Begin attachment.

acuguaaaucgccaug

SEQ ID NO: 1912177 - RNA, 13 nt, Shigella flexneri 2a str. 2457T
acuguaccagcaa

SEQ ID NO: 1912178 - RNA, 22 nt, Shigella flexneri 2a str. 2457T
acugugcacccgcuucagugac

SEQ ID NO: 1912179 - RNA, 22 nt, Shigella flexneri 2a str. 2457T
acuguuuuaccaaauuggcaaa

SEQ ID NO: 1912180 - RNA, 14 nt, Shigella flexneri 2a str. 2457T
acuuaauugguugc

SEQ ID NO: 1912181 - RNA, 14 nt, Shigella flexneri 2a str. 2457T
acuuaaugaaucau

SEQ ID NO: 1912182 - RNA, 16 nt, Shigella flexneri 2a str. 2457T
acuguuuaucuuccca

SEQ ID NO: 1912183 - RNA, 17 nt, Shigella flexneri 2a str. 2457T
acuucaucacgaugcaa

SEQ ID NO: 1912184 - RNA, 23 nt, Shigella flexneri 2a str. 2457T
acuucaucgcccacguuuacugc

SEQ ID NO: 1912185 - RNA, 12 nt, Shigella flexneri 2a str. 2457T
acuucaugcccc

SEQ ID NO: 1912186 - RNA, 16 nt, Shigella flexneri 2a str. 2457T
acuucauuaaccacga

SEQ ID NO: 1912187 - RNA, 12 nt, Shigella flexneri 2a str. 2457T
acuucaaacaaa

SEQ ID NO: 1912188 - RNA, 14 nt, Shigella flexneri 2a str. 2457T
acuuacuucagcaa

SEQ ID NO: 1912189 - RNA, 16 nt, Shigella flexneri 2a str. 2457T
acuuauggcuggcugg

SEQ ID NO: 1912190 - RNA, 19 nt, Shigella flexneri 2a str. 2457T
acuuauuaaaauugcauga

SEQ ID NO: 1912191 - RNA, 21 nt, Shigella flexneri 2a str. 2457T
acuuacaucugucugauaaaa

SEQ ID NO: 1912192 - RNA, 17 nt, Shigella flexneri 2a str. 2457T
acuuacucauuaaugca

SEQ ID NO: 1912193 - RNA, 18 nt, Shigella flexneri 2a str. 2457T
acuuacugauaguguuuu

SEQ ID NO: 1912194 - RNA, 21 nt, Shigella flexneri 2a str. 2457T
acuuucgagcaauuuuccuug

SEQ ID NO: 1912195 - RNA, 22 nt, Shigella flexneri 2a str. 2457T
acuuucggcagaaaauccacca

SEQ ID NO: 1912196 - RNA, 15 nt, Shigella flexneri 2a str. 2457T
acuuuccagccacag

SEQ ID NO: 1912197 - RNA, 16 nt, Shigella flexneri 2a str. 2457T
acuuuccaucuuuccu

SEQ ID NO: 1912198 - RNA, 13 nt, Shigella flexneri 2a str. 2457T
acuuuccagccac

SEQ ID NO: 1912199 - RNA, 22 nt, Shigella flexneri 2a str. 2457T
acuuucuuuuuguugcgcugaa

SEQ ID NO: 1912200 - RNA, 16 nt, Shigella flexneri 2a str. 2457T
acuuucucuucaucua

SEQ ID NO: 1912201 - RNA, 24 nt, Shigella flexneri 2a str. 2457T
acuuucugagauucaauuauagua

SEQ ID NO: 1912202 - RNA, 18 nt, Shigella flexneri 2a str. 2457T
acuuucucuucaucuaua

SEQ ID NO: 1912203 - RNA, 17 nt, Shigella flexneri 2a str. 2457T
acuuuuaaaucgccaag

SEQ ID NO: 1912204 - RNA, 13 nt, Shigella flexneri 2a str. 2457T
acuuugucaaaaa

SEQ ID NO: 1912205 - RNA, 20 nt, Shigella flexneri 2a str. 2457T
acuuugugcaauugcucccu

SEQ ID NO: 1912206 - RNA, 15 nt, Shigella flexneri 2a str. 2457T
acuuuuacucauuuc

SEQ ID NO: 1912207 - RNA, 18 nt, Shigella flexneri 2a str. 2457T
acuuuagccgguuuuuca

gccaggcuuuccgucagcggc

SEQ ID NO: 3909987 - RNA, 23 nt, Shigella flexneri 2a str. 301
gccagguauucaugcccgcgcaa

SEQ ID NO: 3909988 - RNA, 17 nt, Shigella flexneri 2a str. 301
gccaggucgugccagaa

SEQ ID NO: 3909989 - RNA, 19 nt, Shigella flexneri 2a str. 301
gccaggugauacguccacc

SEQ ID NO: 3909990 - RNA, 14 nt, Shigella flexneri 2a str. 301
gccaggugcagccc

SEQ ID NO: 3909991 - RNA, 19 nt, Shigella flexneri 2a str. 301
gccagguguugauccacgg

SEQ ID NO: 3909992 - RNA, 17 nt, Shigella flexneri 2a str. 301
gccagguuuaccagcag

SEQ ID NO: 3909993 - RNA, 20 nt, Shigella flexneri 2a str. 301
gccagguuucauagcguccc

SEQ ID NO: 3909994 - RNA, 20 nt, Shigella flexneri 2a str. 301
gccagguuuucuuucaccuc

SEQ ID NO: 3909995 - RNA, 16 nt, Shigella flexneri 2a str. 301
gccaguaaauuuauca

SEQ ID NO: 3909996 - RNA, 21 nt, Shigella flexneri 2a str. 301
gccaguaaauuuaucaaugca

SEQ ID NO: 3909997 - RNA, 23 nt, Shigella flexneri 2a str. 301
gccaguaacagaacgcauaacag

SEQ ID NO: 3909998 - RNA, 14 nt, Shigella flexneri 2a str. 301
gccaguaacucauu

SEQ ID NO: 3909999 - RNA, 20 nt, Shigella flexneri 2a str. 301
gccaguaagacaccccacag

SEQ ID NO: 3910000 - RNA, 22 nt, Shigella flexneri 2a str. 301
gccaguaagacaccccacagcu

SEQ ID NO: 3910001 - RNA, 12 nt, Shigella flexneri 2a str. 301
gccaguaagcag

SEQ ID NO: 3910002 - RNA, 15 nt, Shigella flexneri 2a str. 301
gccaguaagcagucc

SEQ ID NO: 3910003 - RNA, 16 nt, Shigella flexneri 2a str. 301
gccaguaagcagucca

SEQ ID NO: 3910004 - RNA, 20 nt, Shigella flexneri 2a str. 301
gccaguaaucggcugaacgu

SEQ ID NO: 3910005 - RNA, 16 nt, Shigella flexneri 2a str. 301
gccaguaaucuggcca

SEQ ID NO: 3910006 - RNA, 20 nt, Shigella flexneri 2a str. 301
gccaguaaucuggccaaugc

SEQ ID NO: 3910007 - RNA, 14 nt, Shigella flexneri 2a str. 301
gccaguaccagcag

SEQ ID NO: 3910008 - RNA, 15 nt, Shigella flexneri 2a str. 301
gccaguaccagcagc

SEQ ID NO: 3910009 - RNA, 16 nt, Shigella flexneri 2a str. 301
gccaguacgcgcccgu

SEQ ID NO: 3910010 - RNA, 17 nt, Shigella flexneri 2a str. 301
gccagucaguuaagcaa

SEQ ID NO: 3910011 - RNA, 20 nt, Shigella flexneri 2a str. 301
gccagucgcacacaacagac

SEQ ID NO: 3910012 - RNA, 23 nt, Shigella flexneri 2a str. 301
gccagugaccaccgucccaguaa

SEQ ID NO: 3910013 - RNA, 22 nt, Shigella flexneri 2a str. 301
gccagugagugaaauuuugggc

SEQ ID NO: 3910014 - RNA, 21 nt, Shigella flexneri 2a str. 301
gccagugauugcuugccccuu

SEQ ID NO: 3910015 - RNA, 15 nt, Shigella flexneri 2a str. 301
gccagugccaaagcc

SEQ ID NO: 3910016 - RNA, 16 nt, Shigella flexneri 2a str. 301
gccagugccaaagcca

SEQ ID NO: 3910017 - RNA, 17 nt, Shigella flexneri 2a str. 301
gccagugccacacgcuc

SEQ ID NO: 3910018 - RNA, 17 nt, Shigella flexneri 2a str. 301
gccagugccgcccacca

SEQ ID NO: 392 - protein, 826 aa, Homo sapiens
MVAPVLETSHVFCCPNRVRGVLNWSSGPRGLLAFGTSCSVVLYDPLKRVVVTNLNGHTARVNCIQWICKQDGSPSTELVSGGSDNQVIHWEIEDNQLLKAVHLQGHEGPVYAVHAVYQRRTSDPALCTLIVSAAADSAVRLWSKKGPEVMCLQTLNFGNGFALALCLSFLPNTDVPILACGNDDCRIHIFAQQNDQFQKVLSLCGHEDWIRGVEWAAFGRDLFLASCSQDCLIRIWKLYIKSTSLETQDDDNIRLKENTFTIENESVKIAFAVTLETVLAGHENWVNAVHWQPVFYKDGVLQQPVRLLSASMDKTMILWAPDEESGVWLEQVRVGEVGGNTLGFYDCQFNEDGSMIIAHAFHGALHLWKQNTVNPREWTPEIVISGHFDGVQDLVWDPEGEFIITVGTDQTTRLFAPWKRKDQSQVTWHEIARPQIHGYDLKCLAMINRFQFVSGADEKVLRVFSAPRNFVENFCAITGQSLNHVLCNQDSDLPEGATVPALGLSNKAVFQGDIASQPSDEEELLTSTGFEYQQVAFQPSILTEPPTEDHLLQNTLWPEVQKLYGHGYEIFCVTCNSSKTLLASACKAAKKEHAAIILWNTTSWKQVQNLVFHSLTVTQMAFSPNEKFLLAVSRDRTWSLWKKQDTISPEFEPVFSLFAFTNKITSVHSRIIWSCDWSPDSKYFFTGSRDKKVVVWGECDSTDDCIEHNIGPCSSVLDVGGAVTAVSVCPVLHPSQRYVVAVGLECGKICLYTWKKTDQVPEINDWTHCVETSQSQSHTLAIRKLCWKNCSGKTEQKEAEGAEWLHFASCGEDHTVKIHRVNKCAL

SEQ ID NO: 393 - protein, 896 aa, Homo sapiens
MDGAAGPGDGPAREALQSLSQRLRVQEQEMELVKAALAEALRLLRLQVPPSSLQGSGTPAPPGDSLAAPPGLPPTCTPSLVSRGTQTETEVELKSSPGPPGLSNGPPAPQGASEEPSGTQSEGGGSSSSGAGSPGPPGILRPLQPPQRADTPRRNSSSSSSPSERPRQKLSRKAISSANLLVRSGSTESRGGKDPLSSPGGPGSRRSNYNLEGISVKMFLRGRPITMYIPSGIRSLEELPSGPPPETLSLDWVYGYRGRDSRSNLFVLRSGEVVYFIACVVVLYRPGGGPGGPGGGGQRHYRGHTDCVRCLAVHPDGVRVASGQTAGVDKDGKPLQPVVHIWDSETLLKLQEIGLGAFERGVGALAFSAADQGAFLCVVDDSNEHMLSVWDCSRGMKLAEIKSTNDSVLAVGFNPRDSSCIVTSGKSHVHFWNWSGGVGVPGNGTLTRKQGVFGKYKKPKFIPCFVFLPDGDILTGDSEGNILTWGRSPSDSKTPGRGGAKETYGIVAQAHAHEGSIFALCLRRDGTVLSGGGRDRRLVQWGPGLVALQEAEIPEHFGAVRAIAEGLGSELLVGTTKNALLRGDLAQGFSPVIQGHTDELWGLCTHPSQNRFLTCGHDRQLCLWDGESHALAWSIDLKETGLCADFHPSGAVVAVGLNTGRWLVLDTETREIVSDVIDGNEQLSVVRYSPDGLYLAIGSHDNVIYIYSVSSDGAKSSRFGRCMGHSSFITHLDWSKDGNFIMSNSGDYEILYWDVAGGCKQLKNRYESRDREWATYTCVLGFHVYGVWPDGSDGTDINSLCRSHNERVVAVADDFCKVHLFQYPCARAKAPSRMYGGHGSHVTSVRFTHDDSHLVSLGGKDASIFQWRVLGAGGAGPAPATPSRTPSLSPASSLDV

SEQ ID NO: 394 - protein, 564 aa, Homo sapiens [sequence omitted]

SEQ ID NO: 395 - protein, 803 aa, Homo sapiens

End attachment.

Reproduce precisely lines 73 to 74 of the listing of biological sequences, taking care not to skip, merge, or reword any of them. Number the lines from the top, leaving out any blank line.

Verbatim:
SEQ ID NO: 3909991 - RNA, 19 nt, Shigella flexneri 2a str. 301
gccagguguugauccacgg